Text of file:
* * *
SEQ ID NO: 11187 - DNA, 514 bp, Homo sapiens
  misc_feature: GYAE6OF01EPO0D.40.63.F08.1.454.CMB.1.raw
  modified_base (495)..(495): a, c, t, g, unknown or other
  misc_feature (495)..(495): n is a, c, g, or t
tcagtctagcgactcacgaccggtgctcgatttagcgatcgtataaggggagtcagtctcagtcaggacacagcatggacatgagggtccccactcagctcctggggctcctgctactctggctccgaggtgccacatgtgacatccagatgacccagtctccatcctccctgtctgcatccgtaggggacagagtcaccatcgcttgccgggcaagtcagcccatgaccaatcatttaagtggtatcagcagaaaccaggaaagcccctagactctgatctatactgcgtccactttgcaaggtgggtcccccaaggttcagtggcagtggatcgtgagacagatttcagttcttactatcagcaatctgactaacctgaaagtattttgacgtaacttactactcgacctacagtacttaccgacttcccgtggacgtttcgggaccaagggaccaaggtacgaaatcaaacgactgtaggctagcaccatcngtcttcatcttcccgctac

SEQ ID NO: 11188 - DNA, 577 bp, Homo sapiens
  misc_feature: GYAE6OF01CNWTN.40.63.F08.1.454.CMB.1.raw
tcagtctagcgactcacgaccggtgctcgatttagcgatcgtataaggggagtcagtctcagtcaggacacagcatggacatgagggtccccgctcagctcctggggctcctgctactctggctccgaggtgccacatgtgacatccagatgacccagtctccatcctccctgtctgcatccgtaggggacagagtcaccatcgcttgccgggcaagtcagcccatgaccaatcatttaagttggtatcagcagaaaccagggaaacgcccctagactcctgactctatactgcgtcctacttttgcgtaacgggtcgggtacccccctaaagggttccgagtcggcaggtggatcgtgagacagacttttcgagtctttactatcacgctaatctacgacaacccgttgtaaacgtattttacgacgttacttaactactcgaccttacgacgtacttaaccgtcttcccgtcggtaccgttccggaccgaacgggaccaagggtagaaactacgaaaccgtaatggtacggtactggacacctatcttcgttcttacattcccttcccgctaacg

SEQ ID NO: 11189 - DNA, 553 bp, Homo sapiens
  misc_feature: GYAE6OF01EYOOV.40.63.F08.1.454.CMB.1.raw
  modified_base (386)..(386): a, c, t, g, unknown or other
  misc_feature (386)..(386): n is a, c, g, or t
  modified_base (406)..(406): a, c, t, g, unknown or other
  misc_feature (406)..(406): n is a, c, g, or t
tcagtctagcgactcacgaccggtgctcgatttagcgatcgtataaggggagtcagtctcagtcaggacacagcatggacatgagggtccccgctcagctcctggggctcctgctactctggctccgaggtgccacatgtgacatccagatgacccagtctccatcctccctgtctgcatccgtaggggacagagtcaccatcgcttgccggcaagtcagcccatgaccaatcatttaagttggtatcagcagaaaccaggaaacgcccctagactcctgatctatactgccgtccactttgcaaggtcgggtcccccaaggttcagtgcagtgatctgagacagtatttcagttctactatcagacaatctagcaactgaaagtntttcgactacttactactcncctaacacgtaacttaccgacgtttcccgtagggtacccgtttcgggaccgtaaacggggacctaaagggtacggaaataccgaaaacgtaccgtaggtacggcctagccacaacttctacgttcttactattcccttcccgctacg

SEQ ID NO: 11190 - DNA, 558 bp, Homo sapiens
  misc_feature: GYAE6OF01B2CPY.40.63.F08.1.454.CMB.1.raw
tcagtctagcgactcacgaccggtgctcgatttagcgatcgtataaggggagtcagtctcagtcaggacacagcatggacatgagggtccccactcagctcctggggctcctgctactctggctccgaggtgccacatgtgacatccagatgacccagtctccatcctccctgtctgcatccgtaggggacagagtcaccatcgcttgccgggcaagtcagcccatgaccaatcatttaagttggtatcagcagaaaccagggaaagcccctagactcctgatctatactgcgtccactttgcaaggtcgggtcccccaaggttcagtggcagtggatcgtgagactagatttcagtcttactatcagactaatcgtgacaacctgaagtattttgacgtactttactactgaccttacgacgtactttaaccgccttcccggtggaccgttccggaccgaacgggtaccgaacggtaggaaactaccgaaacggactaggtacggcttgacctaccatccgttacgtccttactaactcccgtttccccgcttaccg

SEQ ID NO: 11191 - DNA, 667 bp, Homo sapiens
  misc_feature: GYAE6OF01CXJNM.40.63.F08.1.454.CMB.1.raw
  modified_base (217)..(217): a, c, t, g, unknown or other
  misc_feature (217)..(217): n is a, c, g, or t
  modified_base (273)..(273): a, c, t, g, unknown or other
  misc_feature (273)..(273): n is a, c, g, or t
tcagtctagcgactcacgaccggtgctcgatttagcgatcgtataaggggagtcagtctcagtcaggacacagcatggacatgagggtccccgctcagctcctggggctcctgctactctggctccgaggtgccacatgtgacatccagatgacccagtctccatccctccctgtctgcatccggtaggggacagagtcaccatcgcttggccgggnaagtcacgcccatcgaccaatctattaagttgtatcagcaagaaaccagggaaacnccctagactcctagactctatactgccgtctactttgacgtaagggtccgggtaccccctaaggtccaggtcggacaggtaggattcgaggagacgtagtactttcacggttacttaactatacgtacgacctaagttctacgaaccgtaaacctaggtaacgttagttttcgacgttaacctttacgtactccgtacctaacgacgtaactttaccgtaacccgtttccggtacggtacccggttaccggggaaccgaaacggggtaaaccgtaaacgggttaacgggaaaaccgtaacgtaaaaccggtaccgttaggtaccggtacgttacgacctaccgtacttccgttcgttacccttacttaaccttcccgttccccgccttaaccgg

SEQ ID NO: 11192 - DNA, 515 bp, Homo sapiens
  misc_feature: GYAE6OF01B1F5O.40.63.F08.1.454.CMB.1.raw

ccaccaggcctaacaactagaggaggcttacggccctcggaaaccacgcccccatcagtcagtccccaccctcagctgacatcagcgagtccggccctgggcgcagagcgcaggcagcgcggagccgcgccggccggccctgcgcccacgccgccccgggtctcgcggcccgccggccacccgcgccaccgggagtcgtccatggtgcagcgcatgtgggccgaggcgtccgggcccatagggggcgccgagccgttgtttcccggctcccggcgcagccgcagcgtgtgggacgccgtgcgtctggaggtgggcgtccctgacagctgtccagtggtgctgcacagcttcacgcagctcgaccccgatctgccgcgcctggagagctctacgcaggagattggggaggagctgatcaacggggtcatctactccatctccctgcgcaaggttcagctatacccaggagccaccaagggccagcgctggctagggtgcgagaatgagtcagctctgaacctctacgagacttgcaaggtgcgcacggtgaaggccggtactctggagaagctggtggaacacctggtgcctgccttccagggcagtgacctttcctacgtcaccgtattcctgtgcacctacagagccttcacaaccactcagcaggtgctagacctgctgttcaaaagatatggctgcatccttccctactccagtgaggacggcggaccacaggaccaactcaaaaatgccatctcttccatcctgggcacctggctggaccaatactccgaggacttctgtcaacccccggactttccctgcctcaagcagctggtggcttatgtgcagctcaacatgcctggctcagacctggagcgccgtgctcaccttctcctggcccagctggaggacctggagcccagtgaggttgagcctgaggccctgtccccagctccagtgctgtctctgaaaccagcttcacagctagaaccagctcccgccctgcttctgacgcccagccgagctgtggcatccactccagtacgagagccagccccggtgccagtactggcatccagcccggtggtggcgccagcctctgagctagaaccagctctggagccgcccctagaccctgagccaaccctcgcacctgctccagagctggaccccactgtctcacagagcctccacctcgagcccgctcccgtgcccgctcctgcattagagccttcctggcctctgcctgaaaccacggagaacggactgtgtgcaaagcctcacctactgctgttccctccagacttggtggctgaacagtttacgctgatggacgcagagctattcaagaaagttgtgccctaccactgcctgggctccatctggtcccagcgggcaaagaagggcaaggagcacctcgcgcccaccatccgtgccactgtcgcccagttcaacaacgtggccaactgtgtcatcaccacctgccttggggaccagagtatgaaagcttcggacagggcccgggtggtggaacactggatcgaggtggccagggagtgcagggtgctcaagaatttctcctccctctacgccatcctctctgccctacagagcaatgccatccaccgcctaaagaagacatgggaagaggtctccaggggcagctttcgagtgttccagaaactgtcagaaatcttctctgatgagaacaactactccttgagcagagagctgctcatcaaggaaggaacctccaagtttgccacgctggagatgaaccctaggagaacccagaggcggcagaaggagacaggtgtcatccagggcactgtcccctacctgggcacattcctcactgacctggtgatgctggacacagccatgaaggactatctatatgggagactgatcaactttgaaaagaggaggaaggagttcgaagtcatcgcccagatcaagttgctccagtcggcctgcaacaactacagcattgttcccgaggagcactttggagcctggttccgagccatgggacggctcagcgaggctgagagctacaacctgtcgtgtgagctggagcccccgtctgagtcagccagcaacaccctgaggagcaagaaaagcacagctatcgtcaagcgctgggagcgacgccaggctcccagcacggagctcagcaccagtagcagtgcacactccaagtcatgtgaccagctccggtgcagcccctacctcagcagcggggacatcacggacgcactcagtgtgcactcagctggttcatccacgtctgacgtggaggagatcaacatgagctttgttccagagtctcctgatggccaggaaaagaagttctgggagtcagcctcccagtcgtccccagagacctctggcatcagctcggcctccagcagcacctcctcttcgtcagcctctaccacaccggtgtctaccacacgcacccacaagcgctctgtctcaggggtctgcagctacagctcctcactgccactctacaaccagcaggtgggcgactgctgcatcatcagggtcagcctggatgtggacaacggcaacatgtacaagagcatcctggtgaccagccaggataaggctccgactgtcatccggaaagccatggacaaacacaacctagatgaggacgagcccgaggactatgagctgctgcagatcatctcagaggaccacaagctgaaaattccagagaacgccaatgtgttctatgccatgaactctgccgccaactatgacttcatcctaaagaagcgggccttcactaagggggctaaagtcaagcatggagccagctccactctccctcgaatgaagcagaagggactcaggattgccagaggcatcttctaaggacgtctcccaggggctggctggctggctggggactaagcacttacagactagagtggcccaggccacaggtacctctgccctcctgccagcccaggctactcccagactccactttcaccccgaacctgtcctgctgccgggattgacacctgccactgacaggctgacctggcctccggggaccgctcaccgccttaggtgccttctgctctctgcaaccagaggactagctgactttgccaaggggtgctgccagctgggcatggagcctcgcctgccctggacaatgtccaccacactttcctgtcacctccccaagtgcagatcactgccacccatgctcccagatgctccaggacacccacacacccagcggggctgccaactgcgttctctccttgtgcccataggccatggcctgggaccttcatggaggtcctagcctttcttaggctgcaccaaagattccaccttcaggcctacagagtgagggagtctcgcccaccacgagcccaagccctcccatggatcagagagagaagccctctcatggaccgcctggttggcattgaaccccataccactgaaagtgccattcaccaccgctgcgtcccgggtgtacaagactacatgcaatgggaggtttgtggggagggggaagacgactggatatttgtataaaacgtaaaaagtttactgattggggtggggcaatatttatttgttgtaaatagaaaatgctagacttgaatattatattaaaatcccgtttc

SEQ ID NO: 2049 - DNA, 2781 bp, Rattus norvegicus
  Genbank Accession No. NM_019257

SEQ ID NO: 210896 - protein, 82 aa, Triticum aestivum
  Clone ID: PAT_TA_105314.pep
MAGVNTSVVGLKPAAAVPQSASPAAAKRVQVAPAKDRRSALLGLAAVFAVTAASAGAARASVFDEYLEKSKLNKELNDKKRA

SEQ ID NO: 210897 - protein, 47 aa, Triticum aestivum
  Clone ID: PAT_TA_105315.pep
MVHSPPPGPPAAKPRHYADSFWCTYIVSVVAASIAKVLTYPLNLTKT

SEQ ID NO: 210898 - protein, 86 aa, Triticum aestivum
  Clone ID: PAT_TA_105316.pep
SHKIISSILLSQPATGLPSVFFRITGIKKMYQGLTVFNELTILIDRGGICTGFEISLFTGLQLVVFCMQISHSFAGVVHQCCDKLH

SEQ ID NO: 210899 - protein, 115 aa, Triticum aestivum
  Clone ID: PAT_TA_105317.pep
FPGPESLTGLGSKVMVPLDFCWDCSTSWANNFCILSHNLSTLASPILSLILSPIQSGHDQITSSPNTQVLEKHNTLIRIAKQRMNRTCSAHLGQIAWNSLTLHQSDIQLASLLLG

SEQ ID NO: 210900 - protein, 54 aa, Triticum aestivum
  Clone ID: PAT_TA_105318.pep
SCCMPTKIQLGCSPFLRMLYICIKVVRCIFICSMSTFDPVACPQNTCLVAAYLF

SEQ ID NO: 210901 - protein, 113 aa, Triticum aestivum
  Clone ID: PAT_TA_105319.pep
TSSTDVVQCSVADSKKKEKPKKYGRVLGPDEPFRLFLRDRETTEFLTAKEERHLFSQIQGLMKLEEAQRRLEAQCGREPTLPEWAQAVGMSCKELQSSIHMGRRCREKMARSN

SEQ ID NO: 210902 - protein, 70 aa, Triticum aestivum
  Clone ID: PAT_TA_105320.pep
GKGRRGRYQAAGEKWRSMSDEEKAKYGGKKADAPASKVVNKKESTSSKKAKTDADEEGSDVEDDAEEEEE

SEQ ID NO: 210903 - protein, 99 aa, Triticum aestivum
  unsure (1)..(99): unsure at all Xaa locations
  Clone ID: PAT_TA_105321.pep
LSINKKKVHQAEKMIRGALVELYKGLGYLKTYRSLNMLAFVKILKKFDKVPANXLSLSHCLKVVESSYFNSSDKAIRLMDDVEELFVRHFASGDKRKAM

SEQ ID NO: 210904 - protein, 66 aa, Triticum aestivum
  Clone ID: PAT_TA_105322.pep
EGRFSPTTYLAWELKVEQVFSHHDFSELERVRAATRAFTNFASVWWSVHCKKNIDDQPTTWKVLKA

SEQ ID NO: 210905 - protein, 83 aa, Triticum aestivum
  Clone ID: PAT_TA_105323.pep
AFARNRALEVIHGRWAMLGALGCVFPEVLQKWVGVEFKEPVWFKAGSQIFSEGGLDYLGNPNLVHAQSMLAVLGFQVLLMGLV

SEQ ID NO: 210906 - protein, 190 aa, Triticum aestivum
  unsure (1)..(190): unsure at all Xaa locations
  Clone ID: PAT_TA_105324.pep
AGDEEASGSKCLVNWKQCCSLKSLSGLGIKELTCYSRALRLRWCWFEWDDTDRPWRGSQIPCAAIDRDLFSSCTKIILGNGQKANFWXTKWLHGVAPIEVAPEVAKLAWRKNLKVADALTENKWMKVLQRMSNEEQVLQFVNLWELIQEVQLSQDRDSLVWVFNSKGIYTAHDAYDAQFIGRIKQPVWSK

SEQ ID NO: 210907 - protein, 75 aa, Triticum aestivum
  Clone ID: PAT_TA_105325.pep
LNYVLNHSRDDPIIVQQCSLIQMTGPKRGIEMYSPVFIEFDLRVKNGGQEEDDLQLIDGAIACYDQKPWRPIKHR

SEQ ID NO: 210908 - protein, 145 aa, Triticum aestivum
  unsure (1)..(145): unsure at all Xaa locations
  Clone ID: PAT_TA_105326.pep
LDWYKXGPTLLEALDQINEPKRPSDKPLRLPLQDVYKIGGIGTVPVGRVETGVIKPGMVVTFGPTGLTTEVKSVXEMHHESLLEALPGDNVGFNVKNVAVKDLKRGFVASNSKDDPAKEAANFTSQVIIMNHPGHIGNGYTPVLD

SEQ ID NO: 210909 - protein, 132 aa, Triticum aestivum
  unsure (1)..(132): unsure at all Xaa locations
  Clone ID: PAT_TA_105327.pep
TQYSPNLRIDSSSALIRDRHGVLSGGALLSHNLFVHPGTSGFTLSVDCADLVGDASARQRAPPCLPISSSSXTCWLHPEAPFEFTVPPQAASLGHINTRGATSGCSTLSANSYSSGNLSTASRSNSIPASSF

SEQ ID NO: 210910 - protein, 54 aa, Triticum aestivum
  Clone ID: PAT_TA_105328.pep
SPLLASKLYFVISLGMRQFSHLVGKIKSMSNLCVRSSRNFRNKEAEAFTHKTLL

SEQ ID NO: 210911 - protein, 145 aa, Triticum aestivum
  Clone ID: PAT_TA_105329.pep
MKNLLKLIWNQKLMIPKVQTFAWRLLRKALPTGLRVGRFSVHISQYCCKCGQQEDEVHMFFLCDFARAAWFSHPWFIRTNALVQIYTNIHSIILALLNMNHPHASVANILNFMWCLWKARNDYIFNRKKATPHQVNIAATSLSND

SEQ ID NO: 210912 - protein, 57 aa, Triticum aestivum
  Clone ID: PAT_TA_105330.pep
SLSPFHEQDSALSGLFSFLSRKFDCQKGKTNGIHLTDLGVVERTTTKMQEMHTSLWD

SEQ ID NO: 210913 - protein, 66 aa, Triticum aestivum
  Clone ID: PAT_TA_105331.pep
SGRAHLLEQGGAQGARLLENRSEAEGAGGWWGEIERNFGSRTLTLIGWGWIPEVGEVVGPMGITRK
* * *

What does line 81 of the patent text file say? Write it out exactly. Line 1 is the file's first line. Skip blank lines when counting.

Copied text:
  Clone ID: PAT_TA_105329.pep